Why Do we Need to Sleep?
Sleep is the primary way for our brain and body to restore and recover. Sleep is not simply doing nothing while unconscious. It's an amazingly complex physiological process and a lot of interesting things happen while we sleep. In our deepest sleep, which is predominant in approximately first four hours of the night, biological restitution takes place and damage to cells and tissues is repaired. This is the time when our bodies renew the energy.
Mental restitution happens in lighter sleep, when we dream (more of that in the second half of the night). This is when our mental resources are restored and the brain processes the information it received during the day. In fact, while you sleep, your brain is solving the puzzles you've been working on during the day. You might have experienced that after you've slept, you have the solutions you were struggling to get the day before, right in front of you.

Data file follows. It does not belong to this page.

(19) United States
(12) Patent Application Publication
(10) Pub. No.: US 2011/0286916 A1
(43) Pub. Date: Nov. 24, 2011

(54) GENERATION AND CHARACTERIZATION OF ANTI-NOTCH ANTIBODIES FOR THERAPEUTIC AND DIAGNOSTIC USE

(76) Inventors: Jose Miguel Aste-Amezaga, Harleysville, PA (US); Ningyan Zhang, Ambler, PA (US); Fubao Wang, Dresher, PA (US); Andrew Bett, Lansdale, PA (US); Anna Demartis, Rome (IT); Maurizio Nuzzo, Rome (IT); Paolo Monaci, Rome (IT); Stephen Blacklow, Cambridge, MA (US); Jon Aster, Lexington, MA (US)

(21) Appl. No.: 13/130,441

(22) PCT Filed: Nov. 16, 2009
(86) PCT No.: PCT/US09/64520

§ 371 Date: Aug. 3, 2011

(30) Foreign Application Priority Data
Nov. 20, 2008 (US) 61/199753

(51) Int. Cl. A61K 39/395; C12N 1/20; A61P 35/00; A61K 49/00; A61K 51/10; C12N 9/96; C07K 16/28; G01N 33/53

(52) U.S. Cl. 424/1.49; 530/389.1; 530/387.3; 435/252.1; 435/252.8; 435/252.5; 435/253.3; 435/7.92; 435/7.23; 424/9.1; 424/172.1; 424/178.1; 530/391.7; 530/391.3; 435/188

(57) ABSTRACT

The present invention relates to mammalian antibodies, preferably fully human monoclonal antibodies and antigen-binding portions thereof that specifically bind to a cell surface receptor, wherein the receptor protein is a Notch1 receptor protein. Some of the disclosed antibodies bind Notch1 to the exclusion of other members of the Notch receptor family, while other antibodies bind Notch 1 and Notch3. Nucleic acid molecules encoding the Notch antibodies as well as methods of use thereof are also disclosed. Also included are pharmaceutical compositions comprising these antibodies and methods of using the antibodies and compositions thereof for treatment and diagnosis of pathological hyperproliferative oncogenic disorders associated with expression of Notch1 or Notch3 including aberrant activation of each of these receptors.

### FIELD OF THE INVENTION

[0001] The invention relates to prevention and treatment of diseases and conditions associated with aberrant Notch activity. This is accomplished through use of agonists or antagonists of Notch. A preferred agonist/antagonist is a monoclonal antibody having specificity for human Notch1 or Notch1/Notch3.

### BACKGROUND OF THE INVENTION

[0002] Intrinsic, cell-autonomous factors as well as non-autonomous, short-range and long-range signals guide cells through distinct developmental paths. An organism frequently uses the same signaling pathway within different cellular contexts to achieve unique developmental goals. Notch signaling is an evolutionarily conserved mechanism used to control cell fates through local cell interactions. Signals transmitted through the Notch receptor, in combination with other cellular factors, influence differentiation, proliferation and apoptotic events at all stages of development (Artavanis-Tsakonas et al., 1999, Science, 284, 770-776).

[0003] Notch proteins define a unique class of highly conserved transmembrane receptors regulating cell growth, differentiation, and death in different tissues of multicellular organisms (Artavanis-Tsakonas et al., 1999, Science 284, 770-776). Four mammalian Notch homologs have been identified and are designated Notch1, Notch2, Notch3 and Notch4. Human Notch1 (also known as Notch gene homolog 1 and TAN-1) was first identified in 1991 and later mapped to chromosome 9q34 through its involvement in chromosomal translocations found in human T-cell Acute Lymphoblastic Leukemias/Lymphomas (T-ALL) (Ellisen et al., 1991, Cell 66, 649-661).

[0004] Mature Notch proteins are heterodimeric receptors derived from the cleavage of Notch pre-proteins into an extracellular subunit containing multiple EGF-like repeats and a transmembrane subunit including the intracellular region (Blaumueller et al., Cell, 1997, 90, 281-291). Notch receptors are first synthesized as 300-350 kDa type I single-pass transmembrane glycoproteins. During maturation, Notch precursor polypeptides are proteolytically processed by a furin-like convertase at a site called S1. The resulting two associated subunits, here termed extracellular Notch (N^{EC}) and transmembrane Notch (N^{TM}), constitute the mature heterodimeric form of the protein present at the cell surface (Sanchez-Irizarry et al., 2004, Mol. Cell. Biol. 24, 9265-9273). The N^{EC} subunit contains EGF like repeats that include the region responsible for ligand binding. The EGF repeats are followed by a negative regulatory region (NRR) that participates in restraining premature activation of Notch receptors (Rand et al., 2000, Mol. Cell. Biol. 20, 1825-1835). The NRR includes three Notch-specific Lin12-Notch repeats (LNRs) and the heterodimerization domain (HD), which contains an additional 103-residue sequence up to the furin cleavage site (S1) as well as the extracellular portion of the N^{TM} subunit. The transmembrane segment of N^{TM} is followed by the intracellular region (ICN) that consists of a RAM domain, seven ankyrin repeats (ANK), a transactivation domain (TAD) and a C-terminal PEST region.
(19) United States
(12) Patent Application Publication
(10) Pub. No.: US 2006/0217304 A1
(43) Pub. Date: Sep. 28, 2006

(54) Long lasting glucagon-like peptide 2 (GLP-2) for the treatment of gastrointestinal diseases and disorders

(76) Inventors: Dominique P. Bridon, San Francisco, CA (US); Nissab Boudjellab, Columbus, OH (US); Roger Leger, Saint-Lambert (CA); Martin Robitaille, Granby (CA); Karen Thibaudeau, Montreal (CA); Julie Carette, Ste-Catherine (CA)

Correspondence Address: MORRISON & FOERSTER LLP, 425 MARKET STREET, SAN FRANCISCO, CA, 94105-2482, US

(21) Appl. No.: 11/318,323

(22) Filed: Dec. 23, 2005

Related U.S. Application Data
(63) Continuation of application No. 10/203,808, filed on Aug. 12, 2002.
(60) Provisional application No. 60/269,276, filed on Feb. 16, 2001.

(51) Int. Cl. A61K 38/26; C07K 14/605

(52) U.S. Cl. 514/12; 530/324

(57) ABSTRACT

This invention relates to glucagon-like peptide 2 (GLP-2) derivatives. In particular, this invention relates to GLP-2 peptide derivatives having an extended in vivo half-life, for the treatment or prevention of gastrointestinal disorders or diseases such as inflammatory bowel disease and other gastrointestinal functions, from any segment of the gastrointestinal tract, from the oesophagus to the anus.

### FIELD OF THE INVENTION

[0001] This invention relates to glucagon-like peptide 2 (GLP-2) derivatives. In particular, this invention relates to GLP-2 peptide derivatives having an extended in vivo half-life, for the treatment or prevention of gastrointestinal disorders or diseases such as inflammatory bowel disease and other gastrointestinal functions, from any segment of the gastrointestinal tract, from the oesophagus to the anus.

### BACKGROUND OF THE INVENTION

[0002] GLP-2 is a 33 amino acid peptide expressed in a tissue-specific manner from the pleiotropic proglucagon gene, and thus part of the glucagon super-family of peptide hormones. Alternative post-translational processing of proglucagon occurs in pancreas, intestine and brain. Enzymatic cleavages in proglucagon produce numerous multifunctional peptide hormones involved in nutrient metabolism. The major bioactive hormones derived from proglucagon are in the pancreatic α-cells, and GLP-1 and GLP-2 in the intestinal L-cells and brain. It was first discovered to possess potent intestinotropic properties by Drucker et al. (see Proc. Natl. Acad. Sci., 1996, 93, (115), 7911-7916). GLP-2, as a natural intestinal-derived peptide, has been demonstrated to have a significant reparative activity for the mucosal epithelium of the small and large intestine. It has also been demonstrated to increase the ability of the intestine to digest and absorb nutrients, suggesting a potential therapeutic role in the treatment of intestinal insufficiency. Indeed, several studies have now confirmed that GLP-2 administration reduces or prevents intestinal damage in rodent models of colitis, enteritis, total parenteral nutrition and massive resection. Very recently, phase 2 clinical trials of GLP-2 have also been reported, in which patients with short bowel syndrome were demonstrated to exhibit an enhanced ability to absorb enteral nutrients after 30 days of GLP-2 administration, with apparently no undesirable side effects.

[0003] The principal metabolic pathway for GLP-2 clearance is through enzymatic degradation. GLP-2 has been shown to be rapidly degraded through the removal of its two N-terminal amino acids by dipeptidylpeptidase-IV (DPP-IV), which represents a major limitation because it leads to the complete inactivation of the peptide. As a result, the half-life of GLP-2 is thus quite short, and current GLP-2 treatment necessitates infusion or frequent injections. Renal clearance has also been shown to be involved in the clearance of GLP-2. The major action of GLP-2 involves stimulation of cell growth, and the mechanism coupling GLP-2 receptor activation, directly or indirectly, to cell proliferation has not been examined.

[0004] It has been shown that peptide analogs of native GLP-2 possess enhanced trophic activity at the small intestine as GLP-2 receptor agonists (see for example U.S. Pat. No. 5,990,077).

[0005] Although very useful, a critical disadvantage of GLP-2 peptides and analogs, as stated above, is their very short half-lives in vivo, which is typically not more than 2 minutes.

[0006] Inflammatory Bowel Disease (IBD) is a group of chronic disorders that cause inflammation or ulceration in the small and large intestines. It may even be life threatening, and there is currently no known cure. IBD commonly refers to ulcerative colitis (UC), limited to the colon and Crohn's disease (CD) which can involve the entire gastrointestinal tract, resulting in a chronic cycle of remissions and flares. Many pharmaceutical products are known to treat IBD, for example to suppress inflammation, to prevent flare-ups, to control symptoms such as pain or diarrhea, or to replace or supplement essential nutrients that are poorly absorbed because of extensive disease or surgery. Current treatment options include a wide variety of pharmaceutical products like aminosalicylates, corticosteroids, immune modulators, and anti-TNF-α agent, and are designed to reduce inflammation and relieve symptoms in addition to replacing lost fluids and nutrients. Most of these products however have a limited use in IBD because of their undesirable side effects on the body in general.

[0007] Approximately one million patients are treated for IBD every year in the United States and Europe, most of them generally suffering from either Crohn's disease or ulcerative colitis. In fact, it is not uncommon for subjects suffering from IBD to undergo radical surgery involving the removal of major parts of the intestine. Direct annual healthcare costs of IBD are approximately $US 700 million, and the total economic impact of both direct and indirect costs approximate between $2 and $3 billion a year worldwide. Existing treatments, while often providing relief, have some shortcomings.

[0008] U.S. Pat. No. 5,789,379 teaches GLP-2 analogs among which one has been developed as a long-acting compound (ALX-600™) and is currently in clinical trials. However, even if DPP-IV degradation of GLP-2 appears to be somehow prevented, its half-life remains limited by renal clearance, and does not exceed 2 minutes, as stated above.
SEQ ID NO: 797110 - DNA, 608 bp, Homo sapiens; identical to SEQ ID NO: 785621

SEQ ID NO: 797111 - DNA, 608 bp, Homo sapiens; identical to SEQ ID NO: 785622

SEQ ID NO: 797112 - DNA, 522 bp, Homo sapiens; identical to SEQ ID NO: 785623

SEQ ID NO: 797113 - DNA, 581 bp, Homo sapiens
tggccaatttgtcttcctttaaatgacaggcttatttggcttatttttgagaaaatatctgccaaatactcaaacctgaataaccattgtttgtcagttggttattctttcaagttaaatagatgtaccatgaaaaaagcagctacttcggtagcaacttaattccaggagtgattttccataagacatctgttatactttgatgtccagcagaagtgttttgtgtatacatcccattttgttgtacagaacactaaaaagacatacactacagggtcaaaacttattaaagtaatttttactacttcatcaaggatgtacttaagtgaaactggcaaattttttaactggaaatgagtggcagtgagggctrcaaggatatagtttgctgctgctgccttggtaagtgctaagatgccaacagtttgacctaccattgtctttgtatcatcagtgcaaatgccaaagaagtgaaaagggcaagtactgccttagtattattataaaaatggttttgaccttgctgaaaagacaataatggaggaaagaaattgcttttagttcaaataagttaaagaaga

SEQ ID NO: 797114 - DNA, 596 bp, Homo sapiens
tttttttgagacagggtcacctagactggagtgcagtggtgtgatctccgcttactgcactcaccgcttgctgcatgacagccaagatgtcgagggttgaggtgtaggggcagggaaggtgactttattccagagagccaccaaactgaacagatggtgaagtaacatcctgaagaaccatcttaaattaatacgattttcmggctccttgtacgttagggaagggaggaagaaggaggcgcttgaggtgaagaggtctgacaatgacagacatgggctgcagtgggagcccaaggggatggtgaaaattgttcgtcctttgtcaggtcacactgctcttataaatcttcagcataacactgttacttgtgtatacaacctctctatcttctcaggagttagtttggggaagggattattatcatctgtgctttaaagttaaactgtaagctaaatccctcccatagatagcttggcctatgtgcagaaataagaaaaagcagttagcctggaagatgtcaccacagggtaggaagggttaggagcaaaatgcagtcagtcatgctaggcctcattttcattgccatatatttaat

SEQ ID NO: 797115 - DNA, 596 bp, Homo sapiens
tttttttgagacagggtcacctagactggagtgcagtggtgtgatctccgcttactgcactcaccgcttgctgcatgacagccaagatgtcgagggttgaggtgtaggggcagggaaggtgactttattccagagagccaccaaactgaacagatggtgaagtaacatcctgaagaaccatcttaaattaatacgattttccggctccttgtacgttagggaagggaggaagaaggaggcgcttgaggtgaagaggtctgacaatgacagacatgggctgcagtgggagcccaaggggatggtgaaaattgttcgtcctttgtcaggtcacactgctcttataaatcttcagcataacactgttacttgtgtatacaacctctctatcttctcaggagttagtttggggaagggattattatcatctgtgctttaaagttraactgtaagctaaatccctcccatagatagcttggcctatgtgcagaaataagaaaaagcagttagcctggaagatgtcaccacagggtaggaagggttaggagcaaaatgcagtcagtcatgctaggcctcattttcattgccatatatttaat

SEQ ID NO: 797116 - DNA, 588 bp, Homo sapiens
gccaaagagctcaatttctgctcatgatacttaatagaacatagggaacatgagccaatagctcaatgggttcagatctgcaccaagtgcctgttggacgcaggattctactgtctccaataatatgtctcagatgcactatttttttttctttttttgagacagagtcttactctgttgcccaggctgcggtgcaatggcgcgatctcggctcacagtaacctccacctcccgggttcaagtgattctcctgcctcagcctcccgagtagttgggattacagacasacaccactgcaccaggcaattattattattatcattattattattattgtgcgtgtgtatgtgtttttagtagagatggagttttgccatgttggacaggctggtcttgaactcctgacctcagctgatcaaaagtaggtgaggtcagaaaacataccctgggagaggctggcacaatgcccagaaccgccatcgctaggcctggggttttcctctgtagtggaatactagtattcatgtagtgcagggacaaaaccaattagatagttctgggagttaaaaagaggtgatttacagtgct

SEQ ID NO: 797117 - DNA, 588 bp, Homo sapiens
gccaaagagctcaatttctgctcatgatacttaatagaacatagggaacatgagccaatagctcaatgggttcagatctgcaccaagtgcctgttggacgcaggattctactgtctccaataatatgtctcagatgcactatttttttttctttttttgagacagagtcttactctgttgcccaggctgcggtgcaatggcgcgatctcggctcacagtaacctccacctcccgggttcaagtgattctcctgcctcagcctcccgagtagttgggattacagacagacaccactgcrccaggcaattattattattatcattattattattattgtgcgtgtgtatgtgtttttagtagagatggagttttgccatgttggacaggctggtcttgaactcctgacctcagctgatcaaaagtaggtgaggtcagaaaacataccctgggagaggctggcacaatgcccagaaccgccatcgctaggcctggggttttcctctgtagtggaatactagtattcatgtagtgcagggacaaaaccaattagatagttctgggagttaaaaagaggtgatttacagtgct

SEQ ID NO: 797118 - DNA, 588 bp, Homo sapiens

The effects of insufficient sleep on our brain are rather evident to anyone who has ever underslept (which is probably everyone). Poor concentration, slow reaction time, we become forgetful and irritable. We make mistakes that in some cases lead to serious accidents.
What is less obvious is the detrimental effects of reduced sleep on our physical health. It has now been demonstrated in numerous studies that short and disturbed sleep adversely affect our immune system, increase risk of diabetes and cardiovascular disease, and make it harder to adopt a healthier lifestyle. Did you know, for example, that getting enough sleep could be an essential ingredient of a weight loss or smoking cessation project?
It may sometimes be tempting to reduce sleep. You may feel like you have too much to do to afford eight hours in bed. But think about those eight hours as an investment. If you want to invest into your well-being and health, and also into your productivity, creativity, as well as safety, you need to make good sleep your priority.